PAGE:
Thursday, December 26, 2013

Quantification of Risk – Breaking down adverse reaction into common and uncommon categories

When we conduct a clinical trial using an approved product, we may run into the requests for the list of common, very common adverse events. This may be especially true when the clinical trials are conducted in European countries. The requests may come from the IRB (institutional review board) or EC (ethics committee).


Breaking down the AEs into very common, common, uncommon, rare, and very rare categories is part of the requirements for SmPC (product label in EU countries). The requirements are included in various EC or EMA guidelines

Within each system organ class, the ADRs should be ranked under headings of frequency, most frequent reactions first, using the following convention:
 Very common (greater than and equal to 1/10); common (greater than and equal to 1/100 to less than 1/10); uncommon (greater than and equal to 1/1,000 to less than 1/100); rare  (greater than and equal to 1/10,000 to less than 1/1,000); very rare (less than and equal to 1/10,000), not known (cannot be estimated form the available data).

Within each frequency grouping, adverse reactions should be presented in the order of decreasing seriousness. The names used to describe each of the frequency groupings should follow standard terms established in each official language using the following convention: Very common (greater than and equal to 1/10); common (greater than and equal to 1/100 to less than 1/10); uncommon (greater than and equal to 1/1,000 to less than 1/100); rare (greater than and equal to 1/10,000 to less than 1/1,000); very rare (less than 1/10,000).
An EMA presentation specifically discussed what the Section 4.8: Undesirable effects should include in terms of quantifying the adverse drug reactions.

There are plenty of examples for showing how the adverse drug reaction tables in Summary of Product Characteristics should be presented.

In the recent issued EMA guidance for Fibrin Sealant, it also requires to breakdown the AEs into the following categories:

Tabulated list of adverse reactions

The table presented below is according to the MedDRA system organ classification (SOC and Preferred 265 Term Level).  
Frequencies have been evaluated according to the following convention: Very common (greater than and equal to 1/10); common (greater than and equal to 1/100 to less than 1/10); uncommon (greater than and equal to 1/1,000 to less than 1/100); rare (greater than and equal to 1/10,000 to less than 1/1,000); very rare (less than 1/10,000), not known (cannot be estimated from the available data).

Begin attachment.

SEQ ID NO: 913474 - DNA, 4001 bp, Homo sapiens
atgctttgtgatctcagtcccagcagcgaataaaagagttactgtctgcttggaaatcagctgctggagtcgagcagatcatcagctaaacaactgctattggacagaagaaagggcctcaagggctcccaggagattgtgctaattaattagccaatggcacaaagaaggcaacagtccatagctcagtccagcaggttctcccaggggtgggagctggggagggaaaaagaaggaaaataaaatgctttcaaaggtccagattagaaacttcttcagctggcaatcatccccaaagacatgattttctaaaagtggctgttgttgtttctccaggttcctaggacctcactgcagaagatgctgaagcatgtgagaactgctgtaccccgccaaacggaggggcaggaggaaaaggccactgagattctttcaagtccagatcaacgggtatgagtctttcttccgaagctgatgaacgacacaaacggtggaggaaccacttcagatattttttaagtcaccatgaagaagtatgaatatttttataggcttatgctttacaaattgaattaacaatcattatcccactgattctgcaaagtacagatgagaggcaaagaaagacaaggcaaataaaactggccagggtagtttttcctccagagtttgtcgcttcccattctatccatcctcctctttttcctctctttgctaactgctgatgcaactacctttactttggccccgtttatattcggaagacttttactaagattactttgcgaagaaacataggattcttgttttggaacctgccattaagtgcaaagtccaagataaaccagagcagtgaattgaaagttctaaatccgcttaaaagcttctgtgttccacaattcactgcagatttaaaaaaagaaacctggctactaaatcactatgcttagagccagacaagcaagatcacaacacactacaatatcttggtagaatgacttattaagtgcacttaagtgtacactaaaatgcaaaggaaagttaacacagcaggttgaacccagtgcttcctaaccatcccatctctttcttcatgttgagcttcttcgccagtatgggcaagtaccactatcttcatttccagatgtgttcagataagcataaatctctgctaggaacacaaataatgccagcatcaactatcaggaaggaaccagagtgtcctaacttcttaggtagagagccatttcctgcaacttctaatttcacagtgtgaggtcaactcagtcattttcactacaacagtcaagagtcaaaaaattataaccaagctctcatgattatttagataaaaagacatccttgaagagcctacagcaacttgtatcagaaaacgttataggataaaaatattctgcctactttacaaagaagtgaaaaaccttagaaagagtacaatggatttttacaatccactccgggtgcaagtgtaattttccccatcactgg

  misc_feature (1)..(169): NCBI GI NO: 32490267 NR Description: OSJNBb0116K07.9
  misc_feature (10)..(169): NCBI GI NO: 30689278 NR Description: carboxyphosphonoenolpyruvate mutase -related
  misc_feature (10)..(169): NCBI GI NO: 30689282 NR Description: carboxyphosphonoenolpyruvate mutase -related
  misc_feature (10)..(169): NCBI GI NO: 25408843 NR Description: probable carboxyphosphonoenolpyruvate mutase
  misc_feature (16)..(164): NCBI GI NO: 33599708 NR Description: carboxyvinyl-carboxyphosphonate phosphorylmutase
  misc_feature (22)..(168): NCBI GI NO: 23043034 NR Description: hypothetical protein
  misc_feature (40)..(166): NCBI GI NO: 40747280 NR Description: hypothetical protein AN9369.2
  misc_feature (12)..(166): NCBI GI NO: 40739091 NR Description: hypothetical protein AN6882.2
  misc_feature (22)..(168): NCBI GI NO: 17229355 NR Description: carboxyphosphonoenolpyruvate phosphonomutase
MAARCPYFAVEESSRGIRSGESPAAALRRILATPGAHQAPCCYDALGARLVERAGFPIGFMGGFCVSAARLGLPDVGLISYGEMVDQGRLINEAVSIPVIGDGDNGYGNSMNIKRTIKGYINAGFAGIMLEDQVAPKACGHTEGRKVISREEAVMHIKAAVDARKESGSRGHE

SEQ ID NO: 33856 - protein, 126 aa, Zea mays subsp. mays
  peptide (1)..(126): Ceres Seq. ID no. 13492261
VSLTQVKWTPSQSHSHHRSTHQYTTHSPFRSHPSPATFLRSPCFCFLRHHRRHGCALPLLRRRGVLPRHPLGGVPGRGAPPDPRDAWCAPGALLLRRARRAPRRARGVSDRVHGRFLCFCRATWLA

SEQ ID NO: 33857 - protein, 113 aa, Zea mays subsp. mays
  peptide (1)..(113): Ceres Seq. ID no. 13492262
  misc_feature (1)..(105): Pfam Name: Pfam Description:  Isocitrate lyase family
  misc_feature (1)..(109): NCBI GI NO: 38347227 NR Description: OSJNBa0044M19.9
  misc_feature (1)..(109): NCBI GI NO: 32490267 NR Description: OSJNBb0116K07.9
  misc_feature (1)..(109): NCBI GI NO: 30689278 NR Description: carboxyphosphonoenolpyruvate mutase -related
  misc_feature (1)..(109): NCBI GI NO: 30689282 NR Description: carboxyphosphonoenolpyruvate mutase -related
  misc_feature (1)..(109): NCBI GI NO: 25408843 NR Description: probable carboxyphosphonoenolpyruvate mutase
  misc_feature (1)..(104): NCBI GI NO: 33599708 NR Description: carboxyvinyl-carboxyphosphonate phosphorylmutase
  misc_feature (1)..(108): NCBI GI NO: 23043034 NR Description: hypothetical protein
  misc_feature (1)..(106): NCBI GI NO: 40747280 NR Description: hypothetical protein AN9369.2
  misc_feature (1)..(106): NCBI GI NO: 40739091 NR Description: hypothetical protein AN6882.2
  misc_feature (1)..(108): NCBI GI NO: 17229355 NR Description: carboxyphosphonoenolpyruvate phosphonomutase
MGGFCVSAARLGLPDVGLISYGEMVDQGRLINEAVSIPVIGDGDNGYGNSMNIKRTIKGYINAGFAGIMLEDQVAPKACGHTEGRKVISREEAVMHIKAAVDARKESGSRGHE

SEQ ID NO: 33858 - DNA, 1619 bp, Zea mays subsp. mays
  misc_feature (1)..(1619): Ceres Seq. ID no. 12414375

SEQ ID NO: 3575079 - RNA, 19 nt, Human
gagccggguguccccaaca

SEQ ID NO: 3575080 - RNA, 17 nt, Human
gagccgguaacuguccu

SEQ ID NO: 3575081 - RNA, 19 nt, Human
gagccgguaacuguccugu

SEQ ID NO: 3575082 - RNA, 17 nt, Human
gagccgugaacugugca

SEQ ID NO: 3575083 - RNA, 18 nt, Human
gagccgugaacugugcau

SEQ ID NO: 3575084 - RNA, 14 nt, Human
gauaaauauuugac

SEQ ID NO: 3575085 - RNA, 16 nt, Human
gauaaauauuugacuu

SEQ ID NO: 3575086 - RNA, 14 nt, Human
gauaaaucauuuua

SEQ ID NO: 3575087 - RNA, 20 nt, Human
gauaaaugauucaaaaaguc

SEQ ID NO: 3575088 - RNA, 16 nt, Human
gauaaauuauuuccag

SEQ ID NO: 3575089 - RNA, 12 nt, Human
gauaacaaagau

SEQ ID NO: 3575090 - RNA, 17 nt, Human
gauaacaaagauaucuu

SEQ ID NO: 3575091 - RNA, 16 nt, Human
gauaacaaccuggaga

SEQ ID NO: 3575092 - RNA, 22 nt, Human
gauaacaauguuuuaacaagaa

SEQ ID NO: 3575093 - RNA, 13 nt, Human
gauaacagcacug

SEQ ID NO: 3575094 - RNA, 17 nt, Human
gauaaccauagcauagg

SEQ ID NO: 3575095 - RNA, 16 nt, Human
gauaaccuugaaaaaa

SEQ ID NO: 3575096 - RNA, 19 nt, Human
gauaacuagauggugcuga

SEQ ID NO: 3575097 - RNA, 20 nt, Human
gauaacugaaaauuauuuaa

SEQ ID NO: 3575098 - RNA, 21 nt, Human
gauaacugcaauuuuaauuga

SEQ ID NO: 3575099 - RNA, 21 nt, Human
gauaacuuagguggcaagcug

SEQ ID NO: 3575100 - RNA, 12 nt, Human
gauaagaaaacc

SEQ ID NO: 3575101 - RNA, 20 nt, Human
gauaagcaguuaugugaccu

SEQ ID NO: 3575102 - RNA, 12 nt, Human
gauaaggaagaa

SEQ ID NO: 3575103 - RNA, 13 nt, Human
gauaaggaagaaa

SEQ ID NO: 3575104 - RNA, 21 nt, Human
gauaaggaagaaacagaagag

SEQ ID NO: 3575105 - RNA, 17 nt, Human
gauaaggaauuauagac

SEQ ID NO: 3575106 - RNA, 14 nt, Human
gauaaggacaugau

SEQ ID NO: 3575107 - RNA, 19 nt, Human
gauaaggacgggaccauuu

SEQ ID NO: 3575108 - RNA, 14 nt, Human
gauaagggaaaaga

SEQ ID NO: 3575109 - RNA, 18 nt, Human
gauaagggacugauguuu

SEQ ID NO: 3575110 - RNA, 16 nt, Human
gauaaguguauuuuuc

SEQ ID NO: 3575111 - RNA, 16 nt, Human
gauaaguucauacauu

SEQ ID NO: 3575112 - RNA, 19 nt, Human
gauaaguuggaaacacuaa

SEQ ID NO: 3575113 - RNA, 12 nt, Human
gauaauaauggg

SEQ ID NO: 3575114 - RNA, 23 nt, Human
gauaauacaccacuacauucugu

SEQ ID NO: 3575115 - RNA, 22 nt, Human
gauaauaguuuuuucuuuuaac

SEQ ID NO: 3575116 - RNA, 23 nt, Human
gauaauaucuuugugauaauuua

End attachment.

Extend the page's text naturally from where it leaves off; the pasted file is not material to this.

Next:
The source for the quantification of risk for adverse reactions is the CIOMS. For example, Benefit-Risk Balance for Marketed Drugs: Evaluating Safety Signals Report of CIOMS Working Group IV has a section for “quantification of risk”

5. Quantification of Risk Incidence of the reaction
To put the newly identified risk into perspective, it is important to quantify it in terms of incidence. Precise quantification will usually be difficult in the post-marketing environment, in which most new safety signals arise from spontaneous reporting, with its associated uncertainties as to numerators (reported cases) and denominators (patient exposures). However, risk can often be approximated in terms of magnitudes of 10, as suggested in the CIOMS III report: greater than 1% (common or frequent); greater than 1 per 1000 but less than 1 per cent (uncommon or infrequent); greater than 1 per 10,000 but less than 1 per 1000 (rare); less than 1 per 10,000 (very rare). 
When possible, attempts should be made to determine whether the incidence is affected by the existence of any apparent high-risk groups. These might be defined by, for example, dose or duration of treatment, use of other drugs (e.g., drug interactions), presence of other diseases (e.g., renal failure), or special populations defined by demographics or ethnicity. In principle, one of the most important functions of risk evaluation is to identify individual patients at increased risk of serious adverse reactions. Although some mechanisms are fairly well understood (enzyme inhibition processes; drug interactions), the pharmacological and biological basis of drug-induced diseases (e.g., role of pharmacogenetics) is relatively unexplored. Work in this area is needed and should be encouraged.

In US, when we prepare the summary tables for adverse events or adverse drug reactions, we typically don’t include a table to break down the frequency into very common, common, uncommon, rare and very rare categories. The drug label did not require to include the quantification of risk using these categories. However, for drug to be approved in European countries, it is a good idea to include a summary table with these quantification categories. 

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